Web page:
Dear to Rockaway:
Dear to Rockaway:
By Howard Schwach
Noach Dear, the powerful chairman of the City Council’s Transportation Committee has told Rockaway that there will be no city subsidy for its impending ferry service.
Dear, who told The Wave that the ferry service was designed for tourists, not commuters, said, "To think of this as a commuter ferry is nonsense."
He added that residents could cut three dollars a day off the cost of a one-way ride by buying tickets in bulk, but that there would be no city subsidy because the ferry is not a commuter operation.
"While residents have the option of taking it to work, this was never meant to be a commuter ferry," Dear said.
Dear pointed out that Gateway National Park and the National Park Service had funded the new ferry landing to bring tourists to Gateway National Park, a park that he termed "a nontraditional tourist area."
Representative Anthony Weiner, who lobbied for and received the Federal funds to build the new ferry landing at Riis Park, told The Wave just a week ago that the federal government had done its part by building the ferry landing and that the question of subsidies was now up to the city – and to Dear’s committee.
Dear, however, says that the city has no ferry but the Staten Island Ferry and that he nor anybody else in the city had the authority to start a ferry service and to fund it.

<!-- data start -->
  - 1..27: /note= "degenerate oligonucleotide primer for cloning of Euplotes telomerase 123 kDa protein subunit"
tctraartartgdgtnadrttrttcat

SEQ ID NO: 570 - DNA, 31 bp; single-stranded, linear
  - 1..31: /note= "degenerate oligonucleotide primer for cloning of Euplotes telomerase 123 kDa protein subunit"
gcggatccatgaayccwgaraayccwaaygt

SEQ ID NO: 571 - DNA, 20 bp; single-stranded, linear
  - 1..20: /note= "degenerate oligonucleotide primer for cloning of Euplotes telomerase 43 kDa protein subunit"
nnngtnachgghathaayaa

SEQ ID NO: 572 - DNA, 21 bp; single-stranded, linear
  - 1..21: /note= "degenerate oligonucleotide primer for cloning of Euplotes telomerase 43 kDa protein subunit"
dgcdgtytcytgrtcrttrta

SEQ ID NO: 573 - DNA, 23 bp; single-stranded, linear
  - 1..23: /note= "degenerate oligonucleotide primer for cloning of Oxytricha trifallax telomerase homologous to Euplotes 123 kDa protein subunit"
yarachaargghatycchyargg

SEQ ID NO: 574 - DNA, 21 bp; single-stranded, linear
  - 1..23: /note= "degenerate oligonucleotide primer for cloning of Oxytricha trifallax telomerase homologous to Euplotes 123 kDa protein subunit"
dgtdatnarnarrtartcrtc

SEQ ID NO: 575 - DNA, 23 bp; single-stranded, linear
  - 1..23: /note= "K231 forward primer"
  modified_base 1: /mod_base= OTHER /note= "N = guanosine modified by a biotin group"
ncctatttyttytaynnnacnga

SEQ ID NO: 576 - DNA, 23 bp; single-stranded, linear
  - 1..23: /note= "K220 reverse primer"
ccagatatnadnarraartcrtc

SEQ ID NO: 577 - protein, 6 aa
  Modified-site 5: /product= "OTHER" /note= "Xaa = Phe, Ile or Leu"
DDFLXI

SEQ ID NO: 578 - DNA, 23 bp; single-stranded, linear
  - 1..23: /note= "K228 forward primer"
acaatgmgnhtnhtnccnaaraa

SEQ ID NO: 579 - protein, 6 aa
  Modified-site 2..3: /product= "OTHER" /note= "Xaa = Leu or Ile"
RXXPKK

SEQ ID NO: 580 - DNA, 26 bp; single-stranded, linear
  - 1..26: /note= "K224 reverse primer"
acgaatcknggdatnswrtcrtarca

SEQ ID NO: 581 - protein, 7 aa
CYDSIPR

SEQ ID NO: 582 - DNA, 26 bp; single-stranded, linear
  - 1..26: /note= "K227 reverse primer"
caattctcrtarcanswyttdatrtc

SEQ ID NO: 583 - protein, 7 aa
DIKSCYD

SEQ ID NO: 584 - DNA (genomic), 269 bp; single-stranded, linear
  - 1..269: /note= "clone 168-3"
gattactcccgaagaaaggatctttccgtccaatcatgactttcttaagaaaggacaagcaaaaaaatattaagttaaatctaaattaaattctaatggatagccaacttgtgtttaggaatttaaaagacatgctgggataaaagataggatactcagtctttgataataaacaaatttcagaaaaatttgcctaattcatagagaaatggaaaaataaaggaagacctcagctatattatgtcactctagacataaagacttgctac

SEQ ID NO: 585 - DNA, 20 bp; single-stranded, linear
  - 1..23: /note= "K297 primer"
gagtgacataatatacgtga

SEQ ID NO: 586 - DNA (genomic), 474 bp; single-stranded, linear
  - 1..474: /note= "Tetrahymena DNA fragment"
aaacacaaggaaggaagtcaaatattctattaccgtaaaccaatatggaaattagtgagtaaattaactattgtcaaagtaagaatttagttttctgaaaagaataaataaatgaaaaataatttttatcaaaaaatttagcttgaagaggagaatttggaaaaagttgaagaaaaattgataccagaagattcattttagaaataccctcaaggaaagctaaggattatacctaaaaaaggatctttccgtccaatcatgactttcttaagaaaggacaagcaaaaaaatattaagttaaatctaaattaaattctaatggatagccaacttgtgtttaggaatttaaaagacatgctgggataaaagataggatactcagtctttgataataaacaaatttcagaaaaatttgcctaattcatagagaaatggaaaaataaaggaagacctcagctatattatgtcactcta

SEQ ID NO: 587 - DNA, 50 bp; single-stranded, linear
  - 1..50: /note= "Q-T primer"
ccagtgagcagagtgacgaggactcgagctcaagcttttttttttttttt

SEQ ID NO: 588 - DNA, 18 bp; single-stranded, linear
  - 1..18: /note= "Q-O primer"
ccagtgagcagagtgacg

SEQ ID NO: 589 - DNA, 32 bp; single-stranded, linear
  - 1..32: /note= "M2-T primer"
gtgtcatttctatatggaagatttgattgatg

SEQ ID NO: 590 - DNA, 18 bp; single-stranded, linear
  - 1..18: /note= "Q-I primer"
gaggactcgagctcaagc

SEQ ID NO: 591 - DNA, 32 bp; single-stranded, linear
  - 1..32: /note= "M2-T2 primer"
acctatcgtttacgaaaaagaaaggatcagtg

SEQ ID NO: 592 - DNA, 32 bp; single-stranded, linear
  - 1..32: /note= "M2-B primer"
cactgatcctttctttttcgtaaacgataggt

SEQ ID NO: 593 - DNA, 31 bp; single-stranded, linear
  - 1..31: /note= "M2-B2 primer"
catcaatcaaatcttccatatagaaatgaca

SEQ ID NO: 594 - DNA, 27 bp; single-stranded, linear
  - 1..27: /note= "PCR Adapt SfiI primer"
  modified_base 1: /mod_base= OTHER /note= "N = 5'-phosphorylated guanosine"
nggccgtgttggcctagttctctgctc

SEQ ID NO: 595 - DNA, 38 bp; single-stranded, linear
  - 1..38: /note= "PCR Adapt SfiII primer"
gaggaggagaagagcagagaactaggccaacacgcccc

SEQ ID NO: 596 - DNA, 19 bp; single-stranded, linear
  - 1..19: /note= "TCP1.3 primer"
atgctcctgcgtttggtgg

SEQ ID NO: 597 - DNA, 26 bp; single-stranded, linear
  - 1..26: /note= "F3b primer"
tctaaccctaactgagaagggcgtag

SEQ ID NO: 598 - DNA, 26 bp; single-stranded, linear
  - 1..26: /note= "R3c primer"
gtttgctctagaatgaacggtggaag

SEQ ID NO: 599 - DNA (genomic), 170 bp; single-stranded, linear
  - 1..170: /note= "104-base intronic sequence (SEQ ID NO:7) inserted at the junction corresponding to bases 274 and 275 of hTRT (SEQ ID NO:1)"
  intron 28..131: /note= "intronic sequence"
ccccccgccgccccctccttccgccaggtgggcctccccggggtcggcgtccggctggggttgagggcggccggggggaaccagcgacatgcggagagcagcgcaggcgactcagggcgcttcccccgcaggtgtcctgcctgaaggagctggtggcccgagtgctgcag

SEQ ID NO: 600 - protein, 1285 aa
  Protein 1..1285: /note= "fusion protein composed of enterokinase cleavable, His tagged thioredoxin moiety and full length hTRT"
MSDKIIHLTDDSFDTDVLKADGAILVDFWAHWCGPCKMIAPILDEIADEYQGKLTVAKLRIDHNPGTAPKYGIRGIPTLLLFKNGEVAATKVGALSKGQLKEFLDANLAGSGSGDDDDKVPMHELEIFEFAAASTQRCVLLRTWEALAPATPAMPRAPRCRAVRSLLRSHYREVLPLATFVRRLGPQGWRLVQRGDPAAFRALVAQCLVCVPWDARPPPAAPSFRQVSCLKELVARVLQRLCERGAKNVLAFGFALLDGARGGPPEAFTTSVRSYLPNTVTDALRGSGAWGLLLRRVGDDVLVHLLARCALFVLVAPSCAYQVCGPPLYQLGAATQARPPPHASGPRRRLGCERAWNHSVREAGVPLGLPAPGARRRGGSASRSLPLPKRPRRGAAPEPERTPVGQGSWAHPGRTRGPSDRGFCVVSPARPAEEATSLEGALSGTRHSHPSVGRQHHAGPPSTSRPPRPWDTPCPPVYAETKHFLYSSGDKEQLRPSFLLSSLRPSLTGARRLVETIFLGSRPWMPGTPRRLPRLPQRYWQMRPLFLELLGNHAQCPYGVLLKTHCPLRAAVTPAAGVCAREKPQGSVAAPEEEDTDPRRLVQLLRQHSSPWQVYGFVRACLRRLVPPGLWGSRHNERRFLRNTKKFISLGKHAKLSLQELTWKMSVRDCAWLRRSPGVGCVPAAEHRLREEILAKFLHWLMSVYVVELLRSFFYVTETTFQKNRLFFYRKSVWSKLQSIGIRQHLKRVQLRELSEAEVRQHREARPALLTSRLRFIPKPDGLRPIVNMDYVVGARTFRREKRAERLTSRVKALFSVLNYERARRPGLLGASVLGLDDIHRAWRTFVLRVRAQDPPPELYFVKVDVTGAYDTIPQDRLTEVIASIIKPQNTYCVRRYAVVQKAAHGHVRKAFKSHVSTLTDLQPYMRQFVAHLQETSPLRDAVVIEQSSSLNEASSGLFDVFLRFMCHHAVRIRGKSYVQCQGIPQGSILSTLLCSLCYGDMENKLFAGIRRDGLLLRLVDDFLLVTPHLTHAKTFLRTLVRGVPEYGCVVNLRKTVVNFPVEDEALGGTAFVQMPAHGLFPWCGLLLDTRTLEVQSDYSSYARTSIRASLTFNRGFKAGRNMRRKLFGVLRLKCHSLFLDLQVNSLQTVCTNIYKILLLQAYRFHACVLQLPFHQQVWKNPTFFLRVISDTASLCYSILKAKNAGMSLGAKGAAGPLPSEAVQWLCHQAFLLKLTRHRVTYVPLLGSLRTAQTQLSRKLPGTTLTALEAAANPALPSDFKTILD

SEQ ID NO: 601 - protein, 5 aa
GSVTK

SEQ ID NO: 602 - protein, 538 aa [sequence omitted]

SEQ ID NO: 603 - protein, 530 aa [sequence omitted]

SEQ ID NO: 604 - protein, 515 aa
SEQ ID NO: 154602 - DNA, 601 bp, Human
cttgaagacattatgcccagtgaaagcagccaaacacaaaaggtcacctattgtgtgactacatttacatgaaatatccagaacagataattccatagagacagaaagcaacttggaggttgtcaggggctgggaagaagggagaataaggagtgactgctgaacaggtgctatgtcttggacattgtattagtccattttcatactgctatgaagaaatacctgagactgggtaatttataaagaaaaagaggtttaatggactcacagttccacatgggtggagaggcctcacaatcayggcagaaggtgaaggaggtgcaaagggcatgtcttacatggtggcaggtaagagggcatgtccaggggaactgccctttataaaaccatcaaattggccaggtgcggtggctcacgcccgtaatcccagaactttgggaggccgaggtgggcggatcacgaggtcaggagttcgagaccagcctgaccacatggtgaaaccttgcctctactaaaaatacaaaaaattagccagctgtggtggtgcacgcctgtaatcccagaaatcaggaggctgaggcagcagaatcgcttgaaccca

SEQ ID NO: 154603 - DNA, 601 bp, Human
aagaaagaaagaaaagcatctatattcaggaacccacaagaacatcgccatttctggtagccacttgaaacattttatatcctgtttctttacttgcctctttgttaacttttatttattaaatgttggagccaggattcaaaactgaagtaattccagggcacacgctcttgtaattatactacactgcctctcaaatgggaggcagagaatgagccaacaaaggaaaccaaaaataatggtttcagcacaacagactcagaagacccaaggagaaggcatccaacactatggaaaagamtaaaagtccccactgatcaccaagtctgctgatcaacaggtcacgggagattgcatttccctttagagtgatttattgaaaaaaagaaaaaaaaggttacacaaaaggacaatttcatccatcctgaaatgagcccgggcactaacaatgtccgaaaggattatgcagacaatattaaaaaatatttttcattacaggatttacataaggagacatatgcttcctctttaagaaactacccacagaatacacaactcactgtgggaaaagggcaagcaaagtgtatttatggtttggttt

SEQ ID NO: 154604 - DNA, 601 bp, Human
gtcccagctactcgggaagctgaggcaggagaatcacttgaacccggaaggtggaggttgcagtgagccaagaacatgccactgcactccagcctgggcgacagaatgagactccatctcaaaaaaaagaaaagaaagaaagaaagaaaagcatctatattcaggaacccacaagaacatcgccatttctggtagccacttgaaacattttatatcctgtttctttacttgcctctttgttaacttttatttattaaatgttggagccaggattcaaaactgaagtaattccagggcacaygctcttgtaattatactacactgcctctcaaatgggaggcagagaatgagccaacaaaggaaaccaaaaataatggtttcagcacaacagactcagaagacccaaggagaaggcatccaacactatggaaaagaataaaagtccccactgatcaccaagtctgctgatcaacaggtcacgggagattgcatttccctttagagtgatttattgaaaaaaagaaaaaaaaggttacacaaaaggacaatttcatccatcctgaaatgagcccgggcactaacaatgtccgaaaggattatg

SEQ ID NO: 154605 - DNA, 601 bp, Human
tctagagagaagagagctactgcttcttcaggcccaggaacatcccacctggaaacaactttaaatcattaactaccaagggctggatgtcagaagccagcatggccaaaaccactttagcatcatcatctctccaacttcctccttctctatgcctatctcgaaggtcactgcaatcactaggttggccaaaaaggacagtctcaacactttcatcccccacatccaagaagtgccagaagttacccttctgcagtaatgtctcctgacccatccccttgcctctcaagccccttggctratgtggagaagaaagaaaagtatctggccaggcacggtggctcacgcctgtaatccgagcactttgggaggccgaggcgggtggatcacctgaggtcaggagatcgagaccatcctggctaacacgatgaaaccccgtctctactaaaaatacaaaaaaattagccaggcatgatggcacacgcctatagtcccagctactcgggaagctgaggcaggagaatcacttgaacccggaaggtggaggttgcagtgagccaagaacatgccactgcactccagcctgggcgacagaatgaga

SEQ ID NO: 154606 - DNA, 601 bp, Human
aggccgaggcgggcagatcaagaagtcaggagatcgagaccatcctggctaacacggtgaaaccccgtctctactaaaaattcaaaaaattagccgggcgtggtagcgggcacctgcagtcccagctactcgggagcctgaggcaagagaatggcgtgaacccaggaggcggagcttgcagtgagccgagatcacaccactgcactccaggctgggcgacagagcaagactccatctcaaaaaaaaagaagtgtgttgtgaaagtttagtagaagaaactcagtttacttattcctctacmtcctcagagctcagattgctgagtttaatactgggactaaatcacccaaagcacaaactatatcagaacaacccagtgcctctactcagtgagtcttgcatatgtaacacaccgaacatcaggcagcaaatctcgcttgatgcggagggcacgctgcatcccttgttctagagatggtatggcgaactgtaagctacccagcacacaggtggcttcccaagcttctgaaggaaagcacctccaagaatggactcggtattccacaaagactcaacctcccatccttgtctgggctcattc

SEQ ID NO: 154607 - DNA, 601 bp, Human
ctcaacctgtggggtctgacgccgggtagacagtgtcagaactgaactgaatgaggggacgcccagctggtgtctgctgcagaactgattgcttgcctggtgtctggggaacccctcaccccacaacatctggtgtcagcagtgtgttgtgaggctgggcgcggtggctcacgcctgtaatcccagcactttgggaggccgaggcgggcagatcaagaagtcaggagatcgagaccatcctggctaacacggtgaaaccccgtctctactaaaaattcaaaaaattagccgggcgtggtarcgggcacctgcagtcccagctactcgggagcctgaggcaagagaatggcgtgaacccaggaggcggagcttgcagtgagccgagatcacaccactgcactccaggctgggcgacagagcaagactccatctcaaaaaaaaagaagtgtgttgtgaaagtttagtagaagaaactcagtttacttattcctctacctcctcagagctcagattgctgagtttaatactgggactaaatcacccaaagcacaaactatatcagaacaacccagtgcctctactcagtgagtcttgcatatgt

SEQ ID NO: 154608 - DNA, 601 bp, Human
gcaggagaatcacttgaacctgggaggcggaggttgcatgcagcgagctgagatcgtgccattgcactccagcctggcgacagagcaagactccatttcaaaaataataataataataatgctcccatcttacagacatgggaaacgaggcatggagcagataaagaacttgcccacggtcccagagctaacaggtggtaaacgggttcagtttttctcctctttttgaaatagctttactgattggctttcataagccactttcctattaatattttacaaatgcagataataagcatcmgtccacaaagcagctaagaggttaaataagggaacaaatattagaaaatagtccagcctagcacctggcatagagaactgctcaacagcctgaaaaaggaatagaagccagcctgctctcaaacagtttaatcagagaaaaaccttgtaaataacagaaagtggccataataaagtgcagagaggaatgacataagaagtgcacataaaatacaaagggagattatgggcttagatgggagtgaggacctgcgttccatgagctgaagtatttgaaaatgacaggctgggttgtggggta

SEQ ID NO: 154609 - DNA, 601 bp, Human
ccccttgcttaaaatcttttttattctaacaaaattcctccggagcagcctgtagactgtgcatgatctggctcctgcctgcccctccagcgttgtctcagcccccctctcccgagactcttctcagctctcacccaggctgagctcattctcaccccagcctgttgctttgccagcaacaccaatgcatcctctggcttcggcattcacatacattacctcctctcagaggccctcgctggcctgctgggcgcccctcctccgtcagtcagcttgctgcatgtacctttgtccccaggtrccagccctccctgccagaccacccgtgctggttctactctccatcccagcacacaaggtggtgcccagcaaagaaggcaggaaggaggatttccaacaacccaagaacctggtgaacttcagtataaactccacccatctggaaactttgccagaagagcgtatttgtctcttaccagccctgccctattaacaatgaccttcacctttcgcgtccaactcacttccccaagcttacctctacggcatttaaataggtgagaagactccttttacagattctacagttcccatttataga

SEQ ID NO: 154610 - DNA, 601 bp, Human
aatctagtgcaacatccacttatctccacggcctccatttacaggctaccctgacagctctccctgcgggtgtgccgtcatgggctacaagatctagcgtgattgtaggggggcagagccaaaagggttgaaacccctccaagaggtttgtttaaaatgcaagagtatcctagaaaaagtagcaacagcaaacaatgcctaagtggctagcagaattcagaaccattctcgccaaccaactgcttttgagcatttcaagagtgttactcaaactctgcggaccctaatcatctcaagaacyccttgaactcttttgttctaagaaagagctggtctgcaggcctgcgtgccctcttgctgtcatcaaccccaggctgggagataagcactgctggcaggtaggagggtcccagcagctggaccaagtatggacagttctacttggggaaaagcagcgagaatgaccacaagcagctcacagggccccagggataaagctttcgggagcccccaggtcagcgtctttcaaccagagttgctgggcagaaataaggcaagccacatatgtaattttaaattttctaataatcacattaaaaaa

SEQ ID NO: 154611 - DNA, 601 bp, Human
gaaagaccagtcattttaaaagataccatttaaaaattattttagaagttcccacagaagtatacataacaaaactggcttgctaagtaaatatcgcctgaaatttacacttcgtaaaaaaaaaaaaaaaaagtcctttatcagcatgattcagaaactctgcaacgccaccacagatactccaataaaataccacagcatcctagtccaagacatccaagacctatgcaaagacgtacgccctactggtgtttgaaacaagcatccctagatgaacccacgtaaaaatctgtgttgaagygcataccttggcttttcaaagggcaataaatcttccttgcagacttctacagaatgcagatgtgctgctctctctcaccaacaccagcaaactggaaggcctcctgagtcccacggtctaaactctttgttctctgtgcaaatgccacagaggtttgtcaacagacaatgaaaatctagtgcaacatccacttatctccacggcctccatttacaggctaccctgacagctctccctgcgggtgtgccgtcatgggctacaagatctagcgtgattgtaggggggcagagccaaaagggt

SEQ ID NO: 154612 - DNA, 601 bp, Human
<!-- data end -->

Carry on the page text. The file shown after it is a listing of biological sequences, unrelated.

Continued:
"If it is going to be a commuter ferry, then it is up to the Port Authority or some other state or federal agency to fund it," he said. "The city cannot authorize a commuter ferry service that does not exist."
Dear added that he had previously backed the commuter ferry service because he "thought that the Port Authority would come through with the money to subsidize it."
That did not happen, and Dear blames local state and federal politicians for that fact.
"There are lots of federal and state politicians who represent Rockaway and who have been around for a long time. Residents should be asking them why the ferry service is not subsidized," he said.
Joanne Ariola, a spokesperson for Councilman Dear added that the subsidy might be assisted by the city should the state and federal government initiate a funding line for that subsidy.
"We really all have to work together to get this done," Ariola told The Wave.
Dear’s comments were in response to a letter from Weiner and follow-up questions from The Wave. In that letter, the Congressman urged the city to take the burden off Rockaway commuters.
Weiner pointed out in the letter that other public transportation facilities in the city – including the Staten Island Ferry – received subsidies that reduced the amount charged for each ride.
Without city subsidies, the ride would cost commuters approximately $13 each way, a cost that many in Rockaway think is prohibitive.
"It might help the more affluent people but not the regular everyday people," John Gaska, district manager for Community Board 14 recently told reporters. "To pay $26 for a round trip is just too expensive."
The trip from Riis Park to Wall Street would take 25 minutes, almost an hour less than a similar trip on the A Train or on a commuter bus.